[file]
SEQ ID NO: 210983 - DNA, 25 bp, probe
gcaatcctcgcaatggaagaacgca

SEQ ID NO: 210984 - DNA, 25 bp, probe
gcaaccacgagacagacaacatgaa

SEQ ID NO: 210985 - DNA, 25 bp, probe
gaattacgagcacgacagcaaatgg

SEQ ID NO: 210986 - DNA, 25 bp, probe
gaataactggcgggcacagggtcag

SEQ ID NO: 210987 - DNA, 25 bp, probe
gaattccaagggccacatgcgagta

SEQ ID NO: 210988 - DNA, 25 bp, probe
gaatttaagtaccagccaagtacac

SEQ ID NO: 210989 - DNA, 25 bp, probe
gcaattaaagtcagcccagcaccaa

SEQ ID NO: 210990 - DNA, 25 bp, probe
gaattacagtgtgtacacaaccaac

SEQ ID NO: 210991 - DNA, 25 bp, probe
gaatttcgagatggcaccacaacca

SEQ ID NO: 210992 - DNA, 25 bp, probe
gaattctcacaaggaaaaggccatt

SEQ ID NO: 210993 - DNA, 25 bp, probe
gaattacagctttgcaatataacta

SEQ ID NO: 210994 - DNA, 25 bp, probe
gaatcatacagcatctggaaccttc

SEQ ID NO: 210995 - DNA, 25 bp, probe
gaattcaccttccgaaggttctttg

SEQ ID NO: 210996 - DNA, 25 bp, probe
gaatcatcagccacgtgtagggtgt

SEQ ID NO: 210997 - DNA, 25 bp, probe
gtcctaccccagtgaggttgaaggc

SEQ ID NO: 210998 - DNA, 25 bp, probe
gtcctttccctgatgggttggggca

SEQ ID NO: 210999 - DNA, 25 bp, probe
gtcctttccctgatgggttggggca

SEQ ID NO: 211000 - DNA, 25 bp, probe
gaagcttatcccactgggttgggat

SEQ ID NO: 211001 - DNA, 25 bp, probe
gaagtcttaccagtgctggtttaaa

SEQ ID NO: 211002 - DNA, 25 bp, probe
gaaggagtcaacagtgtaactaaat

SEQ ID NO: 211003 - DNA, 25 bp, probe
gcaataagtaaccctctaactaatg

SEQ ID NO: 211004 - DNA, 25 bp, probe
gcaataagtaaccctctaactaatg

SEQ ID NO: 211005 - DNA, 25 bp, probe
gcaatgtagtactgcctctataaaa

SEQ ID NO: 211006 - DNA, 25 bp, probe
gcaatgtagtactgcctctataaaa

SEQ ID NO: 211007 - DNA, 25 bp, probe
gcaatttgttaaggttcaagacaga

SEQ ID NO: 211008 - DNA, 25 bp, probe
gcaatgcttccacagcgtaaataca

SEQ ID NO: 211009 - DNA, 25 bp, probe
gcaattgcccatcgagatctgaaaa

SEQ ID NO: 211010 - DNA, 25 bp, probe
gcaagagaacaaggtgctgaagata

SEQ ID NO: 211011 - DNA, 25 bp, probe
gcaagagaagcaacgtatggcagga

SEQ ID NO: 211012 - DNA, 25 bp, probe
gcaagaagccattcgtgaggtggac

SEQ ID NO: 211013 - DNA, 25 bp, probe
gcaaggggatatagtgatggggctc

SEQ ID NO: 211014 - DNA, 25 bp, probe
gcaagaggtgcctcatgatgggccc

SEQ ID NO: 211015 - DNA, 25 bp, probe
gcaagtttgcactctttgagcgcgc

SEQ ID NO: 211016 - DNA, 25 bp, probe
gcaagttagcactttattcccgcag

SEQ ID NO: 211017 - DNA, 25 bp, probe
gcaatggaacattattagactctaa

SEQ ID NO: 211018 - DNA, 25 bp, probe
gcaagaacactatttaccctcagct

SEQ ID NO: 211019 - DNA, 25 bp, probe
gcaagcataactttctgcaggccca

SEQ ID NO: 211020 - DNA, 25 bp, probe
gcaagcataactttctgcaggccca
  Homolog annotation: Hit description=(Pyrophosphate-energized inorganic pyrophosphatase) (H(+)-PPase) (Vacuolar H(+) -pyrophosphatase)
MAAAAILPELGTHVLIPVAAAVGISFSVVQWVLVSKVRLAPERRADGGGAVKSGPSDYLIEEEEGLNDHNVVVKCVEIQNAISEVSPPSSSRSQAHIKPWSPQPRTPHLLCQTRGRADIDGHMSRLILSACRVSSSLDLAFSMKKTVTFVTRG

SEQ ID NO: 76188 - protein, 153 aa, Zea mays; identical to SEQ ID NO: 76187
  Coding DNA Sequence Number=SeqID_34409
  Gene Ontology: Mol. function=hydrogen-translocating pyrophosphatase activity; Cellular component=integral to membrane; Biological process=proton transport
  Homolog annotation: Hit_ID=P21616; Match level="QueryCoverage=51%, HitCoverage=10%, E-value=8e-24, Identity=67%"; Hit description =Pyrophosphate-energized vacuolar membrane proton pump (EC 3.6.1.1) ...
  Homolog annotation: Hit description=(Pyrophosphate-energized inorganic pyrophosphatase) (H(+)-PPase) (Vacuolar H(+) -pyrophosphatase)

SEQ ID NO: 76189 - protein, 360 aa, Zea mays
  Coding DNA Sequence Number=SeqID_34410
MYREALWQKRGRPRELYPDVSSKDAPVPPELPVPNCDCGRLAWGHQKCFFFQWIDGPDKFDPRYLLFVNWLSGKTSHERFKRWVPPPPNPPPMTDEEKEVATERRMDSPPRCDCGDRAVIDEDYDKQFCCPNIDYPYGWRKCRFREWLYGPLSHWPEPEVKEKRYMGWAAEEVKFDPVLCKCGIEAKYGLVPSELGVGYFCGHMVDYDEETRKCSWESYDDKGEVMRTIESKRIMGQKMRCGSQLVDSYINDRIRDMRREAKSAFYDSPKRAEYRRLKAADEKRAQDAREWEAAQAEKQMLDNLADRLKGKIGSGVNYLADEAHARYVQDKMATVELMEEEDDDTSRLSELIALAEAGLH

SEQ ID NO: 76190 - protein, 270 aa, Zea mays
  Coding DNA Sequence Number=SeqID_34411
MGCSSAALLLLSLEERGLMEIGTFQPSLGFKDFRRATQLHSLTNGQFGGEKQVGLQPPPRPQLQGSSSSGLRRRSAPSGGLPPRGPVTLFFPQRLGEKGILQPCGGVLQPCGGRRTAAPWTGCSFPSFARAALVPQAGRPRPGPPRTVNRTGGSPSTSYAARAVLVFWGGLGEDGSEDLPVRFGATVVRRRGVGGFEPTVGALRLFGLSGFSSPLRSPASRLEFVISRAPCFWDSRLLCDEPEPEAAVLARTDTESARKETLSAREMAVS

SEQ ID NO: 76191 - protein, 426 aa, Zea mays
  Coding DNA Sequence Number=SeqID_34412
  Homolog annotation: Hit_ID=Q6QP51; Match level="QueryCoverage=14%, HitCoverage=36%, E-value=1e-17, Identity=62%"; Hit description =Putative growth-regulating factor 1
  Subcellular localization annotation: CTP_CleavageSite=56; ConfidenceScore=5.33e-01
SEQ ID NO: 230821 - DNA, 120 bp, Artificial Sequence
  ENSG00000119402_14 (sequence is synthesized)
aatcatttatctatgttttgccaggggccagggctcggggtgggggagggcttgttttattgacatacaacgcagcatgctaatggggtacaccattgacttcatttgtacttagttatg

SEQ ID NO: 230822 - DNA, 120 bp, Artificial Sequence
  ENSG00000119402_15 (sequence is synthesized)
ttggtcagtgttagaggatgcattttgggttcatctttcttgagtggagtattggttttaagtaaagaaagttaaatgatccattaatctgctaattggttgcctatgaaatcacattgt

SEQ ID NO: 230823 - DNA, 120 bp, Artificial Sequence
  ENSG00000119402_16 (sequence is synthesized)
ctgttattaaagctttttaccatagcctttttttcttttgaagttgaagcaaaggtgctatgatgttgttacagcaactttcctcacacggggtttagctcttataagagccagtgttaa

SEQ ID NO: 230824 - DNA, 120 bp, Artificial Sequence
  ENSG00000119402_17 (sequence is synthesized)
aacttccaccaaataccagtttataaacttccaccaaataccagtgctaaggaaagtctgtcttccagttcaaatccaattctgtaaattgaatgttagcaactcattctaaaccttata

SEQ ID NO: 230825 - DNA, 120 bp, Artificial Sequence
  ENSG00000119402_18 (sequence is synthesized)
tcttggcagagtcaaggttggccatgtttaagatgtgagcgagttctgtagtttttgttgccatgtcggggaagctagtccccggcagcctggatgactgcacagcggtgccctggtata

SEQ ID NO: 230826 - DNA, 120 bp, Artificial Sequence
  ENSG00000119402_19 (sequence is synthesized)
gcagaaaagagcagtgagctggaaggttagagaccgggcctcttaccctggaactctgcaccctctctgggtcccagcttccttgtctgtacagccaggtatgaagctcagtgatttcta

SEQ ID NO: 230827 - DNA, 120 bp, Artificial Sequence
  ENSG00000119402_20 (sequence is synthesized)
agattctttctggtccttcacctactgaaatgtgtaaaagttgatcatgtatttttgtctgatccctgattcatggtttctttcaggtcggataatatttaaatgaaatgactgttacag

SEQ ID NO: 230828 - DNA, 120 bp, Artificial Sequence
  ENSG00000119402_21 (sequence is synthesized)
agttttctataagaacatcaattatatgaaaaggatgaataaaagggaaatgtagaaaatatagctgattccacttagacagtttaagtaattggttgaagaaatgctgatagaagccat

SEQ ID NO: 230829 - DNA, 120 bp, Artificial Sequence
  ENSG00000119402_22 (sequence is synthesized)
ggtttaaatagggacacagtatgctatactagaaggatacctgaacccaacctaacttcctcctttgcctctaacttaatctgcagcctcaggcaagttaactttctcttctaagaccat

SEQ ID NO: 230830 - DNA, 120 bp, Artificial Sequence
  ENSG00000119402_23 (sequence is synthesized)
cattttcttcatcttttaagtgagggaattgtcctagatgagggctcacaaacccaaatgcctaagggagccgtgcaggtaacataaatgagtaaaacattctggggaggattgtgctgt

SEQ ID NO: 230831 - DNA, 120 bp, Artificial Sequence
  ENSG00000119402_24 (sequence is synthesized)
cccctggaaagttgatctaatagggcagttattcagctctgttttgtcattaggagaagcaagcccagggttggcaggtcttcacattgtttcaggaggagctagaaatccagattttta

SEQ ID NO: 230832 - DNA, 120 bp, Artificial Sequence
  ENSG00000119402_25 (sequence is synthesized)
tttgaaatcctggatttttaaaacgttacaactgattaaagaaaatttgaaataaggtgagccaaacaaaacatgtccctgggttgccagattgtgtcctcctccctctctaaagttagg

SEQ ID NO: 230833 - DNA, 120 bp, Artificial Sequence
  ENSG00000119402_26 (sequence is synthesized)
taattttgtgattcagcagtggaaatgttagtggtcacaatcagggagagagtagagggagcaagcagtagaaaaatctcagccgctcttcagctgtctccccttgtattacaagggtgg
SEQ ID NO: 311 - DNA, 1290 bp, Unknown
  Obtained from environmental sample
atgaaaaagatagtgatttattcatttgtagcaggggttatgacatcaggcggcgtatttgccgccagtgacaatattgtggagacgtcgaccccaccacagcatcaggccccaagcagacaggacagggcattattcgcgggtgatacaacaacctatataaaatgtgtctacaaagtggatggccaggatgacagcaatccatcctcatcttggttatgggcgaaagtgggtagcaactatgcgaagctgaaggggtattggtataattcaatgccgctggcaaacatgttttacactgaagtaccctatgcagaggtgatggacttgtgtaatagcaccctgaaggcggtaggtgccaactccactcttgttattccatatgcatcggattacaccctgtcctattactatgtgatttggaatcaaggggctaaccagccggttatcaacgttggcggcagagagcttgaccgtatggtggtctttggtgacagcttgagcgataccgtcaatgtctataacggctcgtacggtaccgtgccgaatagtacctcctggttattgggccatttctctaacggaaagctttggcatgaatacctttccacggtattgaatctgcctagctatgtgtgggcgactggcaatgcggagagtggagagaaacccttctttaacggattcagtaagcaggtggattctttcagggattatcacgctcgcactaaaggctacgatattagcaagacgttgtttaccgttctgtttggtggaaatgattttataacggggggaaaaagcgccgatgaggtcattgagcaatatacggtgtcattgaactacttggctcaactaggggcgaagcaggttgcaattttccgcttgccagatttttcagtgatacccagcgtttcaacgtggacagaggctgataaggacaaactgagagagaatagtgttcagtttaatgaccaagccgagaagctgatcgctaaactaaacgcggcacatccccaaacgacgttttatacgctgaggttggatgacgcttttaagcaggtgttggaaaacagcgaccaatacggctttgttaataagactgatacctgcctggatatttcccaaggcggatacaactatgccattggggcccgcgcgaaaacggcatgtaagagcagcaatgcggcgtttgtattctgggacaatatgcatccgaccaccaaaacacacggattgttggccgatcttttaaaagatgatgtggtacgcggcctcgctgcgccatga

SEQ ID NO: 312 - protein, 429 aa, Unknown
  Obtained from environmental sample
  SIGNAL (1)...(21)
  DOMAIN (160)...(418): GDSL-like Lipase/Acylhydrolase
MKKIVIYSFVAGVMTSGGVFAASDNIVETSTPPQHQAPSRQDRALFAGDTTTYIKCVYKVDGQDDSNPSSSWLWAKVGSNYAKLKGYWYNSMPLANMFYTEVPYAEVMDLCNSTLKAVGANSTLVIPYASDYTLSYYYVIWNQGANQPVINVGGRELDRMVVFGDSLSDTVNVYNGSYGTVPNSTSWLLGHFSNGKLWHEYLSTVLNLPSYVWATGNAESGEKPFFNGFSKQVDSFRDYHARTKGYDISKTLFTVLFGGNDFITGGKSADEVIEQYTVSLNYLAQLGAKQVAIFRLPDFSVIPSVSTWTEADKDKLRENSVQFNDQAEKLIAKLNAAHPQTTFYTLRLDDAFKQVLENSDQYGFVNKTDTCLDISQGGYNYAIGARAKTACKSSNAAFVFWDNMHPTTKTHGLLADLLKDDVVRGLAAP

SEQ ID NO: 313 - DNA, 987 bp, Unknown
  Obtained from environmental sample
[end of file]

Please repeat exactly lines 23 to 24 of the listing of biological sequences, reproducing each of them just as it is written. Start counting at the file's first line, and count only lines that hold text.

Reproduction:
SEQ ID NO: 210994 - DNA, 25 bp, probe
gaatcatacagcatctggaaccttc